May 31, 2011
Publishing with disclaimers
Clearly, the authors were aware that their study would be vulnerable to criticism. Roughly 6% of their paper (based on a count of words) was given over to a series of disclaimers regarding their data and methodology. These are too voluminous to reproduce in full here, but a full list can be found at the end of this article.
The inclusion of those disclaimers, no matter how frequent, does not give the authors the license to have published their flawed study. If the standards of academic research were relaxed to allow publication of papers that relied on such disclaimers, we would soon find journals filled with articles about newly discovered asset classes promising 30% risk-free annual returns.
I spoke with Lance Ritchlin, the publisher and editor of the Journal of Financial Planning. He assured me that this paper had been peer reviewed, but he could not say whether the reviewers had sought to verify the underlying data used in the study, as I did. On his decision to publish the paper, Ritchlin said, “If something is published, it doesn’t mean it’s right; just that it’s worth considering.”
When considering this study, don’t lose sight of the bigger picture. By the authors’ own admission, EIAs provide downside protection against market declines with limited upside potential in bull markets. That return profile will appeal to certain very risk-averse investors, particularly those who are indifferent to the risks of carrier default and surrender penalties. But the return profile of an EIA can be replicated, either with an 85/15 portfolio, as Reichenstein suggests, or with some other combination of Treasury securities and either index funds or options, as other authors have advocated. That leaves a very small universe within which EIAs are appropriate.
When determining if your clients fit into this slice of the market, I recommend you give this study little weight, if any.
In closing, I’ll add a disclaimer of my own: While I’ve tried to address the major problems with this research, I’ll bet astute readers can identify additional flaws in the study – or points of disagreement with our analysis of it. If you do, let us know.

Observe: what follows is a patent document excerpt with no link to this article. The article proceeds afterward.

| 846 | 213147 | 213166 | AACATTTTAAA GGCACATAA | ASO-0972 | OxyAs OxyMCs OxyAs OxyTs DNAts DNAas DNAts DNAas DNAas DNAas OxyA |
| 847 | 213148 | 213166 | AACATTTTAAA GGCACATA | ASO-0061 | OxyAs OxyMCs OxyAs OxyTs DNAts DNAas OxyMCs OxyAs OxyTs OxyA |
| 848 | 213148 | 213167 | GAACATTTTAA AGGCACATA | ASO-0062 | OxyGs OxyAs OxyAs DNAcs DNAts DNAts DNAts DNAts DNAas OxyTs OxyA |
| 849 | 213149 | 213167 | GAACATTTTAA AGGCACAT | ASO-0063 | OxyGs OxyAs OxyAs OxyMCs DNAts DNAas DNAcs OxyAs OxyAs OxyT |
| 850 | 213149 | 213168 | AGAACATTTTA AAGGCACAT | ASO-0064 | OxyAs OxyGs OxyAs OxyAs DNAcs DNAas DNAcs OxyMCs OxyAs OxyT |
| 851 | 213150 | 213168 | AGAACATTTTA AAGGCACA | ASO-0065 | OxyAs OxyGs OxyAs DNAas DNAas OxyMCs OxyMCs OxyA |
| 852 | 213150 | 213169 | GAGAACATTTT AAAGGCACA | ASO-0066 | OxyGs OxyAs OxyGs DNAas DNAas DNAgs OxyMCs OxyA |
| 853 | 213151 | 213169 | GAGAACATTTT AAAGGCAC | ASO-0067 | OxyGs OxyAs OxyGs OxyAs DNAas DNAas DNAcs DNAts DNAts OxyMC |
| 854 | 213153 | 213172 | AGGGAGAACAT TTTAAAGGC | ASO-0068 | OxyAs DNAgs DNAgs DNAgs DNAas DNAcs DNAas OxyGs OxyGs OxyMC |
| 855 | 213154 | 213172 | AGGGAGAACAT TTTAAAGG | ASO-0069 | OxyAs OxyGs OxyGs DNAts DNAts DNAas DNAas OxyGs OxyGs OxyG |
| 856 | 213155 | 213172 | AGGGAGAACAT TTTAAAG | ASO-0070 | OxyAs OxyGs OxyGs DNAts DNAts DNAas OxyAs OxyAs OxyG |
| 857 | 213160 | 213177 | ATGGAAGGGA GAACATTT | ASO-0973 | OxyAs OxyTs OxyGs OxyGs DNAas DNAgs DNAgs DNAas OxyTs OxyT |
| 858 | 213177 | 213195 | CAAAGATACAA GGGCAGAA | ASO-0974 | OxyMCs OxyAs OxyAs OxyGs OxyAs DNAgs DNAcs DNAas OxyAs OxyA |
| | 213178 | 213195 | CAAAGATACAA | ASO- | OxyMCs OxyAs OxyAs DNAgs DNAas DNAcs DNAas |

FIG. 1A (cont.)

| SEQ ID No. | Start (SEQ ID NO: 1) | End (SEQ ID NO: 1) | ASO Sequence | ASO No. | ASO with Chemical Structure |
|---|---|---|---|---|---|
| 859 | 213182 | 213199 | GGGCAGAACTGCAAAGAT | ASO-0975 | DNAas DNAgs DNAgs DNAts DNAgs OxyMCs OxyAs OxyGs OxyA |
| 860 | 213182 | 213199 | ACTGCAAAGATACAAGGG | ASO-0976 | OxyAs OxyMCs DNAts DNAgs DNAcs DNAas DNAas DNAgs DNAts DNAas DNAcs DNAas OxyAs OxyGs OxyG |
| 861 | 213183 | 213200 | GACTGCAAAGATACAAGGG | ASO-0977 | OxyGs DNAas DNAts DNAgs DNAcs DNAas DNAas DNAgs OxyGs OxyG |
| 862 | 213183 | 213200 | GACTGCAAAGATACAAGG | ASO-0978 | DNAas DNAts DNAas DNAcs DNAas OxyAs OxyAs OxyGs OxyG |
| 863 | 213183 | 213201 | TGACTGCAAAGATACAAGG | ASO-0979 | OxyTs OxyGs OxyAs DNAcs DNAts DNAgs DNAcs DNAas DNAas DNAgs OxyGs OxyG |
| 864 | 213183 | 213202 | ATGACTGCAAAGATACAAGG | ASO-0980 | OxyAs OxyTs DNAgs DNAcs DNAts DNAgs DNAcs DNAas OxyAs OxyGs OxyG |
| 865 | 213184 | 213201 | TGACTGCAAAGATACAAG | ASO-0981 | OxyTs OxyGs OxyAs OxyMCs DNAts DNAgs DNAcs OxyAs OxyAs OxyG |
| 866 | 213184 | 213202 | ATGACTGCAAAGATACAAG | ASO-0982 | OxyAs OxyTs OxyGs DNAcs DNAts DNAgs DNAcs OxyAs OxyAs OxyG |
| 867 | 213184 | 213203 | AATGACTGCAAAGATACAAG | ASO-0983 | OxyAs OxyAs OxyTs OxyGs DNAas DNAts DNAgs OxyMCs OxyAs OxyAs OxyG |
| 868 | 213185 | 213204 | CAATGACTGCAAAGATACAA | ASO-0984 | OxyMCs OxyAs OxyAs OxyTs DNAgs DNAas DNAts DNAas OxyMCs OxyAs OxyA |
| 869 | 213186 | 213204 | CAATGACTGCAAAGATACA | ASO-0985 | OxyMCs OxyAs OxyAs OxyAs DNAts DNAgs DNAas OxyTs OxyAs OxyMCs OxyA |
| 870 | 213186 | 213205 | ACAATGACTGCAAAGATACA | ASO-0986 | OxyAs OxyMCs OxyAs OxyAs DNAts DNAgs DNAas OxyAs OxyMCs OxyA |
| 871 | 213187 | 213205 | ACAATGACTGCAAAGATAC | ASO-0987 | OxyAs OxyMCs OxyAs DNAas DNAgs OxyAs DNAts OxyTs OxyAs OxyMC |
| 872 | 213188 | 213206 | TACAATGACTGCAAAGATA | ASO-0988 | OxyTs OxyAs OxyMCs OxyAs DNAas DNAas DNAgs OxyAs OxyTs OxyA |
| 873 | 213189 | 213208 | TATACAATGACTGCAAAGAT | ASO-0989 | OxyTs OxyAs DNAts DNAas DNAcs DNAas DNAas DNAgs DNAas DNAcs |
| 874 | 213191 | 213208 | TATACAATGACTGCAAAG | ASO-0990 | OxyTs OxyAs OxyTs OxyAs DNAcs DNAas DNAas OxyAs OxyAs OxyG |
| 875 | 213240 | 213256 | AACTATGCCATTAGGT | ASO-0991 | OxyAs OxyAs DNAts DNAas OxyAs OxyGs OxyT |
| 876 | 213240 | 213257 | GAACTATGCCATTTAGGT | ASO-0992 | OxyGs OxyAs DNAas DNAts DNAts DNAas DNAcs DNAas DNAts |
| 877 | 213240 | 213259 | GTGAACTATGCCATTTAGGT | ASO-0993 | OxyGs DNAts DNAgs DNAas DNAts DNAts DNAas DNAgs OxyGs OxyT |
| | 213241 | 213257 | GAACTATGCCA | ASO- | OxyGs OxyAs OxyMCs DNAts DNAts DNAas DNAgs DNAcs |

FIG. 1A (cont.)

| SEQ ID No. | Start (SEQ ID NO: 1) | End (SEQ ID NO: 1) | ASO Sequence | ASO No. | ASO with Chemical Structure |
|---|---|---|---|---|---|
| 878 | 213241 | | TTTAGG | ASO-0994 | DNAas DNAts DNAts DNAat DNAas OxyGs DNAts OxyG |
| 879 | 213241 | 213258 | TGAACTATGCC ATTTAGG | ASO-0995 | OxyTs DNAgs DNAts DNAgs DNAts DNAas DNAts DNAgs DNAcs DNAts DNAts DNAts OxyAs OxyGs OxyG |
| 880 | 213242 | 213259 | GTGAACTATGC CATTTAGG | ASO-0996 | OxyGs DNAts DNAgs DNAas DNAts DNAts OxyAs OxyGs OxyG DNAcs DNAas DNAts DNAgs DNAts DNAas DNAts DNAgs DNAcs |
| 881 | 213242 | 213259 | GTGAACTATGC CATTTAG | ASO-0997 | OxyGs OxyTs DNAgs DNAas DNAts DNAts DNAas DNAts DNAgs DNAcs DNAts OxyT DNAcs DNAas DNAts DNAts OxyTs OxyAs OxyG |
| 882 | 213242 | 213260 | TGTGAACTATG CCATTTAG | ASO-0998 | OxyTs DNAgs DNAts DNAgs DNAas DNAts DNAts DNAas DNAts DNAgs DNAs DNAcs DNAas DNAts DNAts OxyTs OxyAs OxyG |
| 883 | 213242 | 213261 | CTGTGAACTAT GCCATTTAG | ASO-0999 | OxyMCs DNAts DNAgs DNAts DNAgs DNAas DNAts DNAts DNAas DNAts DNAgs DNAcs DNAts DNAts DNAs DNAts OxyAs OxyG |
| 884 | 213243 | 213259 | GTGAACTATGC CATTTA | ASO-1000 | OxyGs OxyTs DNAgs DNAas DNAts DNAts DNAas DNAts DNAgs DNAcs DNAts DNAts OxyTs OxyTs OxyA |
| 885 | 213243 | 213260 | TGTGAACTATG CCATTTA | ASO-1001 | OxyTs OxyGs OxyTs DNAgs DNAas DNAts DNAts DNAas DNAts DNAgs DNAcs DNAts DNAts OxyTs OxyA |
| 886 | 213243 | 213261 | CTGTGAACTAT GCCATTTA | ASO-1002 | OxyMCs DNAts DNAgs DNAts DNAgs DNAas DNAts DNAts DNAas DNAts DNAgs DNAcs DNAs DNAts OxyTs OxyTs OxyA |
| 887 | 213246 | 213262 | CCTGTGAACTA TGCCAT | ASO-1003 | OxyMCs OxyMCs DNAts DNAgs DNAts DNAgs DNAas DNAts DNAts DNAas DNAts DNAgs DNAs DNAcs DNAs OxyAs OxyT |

Disclaimers contained in the authors’ study
- Our study is exploratory, because although it is based on actual contracts and actual crediting rates, our policy data set is neither randomly selected nor comprehensive based upon data provided by 15 EIA carriers.
- [The data in Table 1] are not intended to be a prediction of how index annuities will perform in the future, nor are the results intended to be representative of overall industry performance.
- There are several limitations with the data in Table 1. The main one is that they are derived from carriers that chose to participate and that chose the products for which they reported returns. This could have imparted some bias in returns, and may differ from what a larger, more random sample would have produced for the periods.
- [The annuity used for Figure 1] is not intended to be representative of anything except itself.
- And the data reflect results across a very small spectrum of time: only looking at 1997–2010, and then only at one day out of each year.
- These returns should not be viewed as representative. As mentioned earlier, the annualized range of returns in Table 1 is from annuity carriers that chose to submit their return data, and although overall a majority of index carriers did provide actual return data (reaching 83 percent of all carriers selling FIAs at one point), self-reporting bias may have resulted, skewing the returns higher than would be seen with a more comprehensive data set.
- We cannot say whether our data are representative of all EIAs, although we assembled the largest database of actual returns that has yet been used in a published study.
Note: In the paper, the authors referred to fixed indexed annuities (FIAs). We replaced that abbreviation with EIAs above. The terms are synonymous.
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